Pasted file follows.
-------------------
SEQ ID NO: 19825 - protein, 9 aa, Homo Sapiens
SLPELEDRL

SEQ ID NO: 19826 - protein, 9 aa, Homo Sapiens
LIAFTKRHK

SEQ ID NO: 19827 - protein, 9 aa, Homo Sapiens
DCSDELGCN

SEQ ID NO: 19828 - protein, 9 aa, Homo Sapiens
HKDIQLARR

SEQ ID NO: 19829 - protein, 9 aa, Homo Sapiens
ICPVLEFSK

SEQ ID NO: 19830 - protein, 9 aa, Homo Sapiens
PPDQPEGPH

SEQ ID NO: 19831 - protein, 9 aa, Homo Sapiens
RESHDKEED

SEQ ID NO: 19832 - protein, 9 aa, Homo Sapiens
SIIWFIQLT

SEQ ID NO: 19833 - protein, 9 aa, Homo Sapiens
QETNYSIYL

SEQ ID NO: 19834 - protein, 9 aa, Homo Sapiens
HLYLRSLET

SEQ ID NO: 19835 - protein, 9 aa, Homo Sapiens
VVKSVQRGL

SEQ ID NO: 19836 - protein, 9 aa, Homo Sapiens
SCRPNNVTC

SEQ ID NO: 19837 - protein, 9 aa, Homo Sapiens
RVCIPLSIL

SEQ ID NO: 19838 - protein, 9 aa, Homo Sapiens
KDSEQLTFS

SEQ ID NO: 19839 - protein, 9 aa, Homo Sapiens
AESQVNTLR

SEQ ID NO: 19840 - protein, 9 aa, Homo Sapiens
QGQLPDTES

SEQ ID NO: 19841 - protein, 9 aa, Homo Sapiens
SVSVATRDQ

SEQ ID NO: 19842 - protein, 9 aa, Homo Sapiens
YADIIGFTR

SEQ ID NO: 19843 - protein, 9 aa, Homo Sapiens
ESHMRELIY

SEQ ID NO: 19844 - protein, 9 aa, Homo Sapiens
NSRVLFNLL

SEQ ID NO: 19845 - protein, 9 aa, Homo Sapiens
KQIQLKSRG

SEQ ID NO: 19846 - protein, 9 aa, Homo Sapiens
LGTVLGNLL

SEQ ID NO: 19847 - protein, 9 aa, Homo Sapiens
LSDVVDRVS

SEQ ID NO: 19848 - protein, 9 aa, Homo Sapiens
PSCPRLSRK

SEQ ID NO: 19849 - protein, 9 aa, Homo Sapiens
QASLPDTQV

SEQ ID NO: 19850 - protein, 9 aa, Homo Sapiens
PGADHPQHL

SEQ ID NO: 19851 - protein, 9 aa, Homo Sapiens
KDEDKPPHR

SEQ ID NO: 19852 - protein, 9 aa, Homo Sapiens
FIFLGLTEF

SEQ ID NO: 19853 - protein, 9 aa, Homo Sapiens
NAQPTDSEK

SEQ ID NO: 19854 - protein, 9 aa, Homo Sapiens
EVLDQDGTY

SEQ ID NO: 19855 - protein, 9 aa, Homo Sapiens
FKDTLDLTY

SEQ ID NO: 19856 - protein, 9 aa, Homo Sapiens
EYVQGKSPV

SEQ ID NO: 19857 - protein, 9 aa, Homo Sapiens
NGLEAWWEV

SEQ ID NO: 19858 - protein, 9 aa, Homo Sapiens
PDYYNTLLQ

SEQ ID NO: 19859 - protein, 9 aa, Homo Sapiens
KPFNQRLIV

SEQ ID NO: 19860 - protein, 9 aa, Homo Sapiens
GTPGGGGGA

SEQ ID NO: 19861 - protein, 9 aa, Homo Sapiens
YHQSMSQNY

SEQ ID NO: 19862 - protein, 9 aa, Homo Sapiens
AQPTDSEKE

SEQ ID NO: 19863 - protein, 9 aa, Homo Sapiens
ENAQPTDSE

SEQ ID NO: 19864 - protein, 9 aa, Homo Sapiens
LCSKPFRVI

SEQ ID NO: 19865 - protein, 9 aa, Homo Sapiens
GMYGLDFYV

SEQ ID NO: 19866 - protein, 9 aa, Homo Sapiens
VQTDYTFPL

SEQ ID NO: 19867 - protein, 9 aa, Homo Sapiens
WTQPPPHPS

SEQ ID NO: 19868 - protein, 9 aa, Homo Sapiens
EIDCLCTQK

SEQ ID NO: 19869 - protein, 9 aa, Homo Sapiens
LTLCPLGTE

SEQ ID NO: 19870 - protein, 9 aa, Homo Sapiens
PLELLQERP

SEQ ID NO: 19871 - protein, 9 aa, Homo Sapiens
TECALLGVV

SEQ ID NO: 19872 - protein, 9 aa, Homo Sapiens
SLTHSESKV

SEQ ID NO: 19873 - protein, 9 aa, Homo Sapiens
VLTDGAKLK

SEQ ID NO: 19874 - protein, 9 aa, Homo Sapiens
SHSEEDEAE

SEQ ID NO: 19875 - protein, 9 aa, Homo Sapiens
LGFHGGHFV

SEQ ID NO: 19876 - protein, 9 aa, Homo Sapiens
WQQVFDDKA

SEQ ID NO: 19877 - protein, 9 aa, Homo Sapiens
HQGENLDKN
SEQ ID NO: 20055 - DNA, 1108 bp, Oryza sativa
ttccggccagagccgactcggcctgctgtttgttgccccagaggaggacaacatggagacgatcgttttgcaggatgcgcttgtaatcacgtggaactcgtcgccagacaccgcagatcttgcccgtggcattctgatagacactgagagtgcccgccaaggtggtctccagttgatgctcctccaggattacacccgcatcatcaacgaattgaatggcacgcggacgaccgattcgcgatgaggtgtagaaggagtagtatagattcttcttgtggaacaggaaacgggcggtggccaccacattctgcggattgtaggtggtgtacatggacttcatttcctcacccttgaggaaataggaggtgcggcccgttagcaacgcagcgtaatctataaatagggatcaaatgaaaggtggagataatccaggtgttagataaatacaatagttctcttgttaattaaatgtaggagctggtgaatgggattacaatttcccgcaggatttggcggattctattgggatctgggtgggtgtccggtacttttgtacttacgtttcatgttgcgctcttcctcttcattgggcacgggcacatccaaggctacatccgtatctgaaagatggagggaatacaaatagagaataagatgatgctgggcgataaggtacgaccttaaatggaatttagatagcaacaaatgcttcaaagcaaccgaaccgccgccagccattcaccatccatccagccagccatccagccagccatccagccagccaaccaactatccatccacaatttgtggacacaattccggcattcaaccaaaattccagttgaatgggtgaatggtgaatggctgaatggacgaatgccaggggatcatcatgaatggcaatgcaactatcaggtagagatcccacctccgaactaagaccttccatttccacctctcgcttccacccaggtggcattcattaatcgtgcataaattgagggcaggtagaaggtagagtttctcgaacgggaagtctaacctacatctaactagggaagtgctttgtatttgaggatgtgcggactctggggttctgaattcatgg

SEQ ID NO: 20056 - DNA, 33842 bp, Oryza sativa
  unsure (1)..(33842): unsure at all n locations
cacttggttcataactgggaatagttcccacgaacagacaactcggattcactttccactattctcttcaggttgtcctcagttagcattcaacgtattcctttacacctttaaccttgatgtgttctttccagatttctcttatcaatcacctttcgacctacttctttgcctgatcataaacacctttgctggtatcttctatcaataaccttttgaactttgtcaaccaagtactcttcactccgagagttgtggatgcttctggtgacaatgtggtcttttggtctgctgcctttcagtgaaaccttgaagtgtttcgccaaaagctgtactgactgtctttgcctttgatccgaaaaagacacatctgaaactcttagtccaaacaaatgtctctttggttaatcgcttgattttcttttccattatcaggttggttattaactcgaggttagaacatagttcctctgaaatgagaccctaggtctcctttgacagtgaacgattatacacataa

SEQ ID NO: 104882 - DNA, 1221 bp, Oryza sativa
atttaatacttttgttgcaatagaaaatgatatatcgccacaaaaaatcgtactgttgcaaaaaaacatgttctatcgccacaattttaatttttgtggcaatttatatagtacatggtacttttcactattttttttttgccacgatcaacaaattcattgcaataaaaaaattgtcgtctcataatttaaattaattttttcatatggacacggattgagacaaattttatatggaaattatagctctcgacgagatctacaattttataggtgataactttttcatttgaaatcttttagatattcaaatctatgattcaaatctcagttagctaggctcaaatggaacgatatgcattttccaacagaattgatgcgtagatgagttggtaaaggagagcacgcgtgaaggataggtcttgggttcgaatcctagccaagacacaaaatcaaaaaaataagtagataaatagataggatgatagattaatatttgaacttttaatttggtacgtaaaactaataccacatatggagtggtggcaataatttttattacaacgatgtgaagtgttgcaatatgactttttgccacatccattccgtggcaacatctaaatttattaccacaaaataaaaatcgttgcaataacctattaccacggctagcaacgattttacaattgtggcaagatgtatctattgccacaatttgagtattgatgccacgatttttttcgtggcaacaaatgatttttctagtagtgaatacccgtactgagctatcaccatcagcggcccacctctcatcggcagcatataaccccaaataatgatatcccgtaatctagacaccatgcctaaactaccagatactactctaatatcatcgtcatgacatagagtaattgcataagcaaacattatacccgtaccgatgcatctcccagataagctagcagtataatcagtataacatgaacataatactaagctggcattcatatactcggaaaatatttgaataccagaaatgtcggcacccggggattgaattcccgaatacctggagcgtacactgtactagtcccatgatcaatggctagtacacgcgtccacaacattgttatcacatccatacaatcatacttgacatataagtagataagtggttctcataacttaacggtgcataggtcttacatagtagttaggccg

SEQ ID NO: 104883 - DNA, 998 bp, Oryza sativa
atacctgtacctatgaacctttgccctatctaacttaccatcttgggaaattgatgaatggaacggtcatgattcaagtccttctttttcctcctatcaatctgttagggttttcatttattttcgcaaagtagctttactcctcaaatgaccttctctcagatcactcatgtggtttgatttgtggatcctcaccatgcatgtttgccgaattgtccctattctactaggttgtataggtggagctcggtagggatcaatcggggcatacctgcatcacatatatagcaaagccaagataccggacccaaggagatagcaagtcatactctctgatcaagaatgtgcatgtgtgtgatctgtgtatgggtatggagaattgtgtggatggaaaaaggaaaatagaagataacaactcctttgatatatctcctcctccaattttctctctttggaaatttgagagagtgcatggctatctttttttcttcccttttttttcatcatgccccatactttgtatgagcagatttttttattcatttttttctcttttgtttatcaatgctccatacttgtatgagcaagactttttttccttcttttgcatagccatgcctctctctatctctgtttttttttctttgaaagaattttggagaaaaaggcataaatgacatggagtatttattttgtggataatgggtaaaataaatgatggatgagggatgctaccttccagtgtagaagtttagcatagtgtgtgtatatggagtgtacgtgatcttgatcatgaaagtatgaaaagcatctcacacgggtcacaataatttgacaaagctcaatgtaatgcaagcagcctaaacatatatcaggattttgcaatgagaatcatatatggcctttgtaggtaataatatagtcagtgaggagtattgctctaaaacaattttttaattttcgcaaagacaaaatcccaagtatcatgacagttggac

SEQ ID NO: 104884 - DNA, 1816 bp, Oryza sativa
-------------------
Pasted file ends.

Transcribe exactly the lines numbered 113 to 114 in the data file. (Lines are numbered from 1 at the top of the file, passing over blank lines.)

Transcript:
atttaatacttttgttgcaatagaaaatgatatatcgccacaaaaaatcgtactgttgcaaaaaaacatgttctatcgccacaattttaatttttgtggcaatttatatagtacatggtacttttcactattttttttttgccacgatcaacaaattcattgcaataaaaaaattgtcgtctcataatttaaattaattttttcatatggacacggattgagacaaattttatatggaaattatagctctcgacgagatctacaattttataggtgataactttttcatttgaaatcttttagatattcaaatctatgattcaaatctcagttagctaggctcaaatggaacgatatgcattttccaacagaattgatgcgtagatgagttggtaaaggagagcacgcgtgaaggataggtcttgggttcgaatcctagccaagacacaaaatcaaaaaaataagtagataaatagataggatgatagattaatatttgaacttttaatttggtacgtaaaactaataccacatatggagtggtggcaataatttttattacaacgatgtgaagtgttgcaatatgactttttgccacatccattccgtggcaacatctaaatttattaccacaaaataaaaatcgttgcaataacctattaccacggctagcaacgattttacaattgtggcaagatgtatctattgccacaatttgagtattgatgccacgatttttttcgtggcaacaaatgatttttctagtagtgaatacccgtactgagctatcaccatcagcggcccacctctcatcggcagcatataaccccaaataatgatatcccgtaatctagacaccatgcctaaactaccagatactactctaatatcatcgtcatgacatagagtaattgcataagcaaacattatacccgtaccgatgcatctcccagataagctagcagtataatcagtataacatgaacataatactaagctggcattcatatactcggaaaatatttgaataccagaaatgtcggcacccggggattgaattcccgaatacctggagcgtacactgtactagtcccatgatcaatggctagtacacgcgtccacaacattgttatcacatccatacaatcatacttgacatataagtagataagtggttctcataacttaacggtgcataggtcttacatagtagttaggccg

SEQ ID NO: 104883 - DNA, 998 bp, Oryza sativa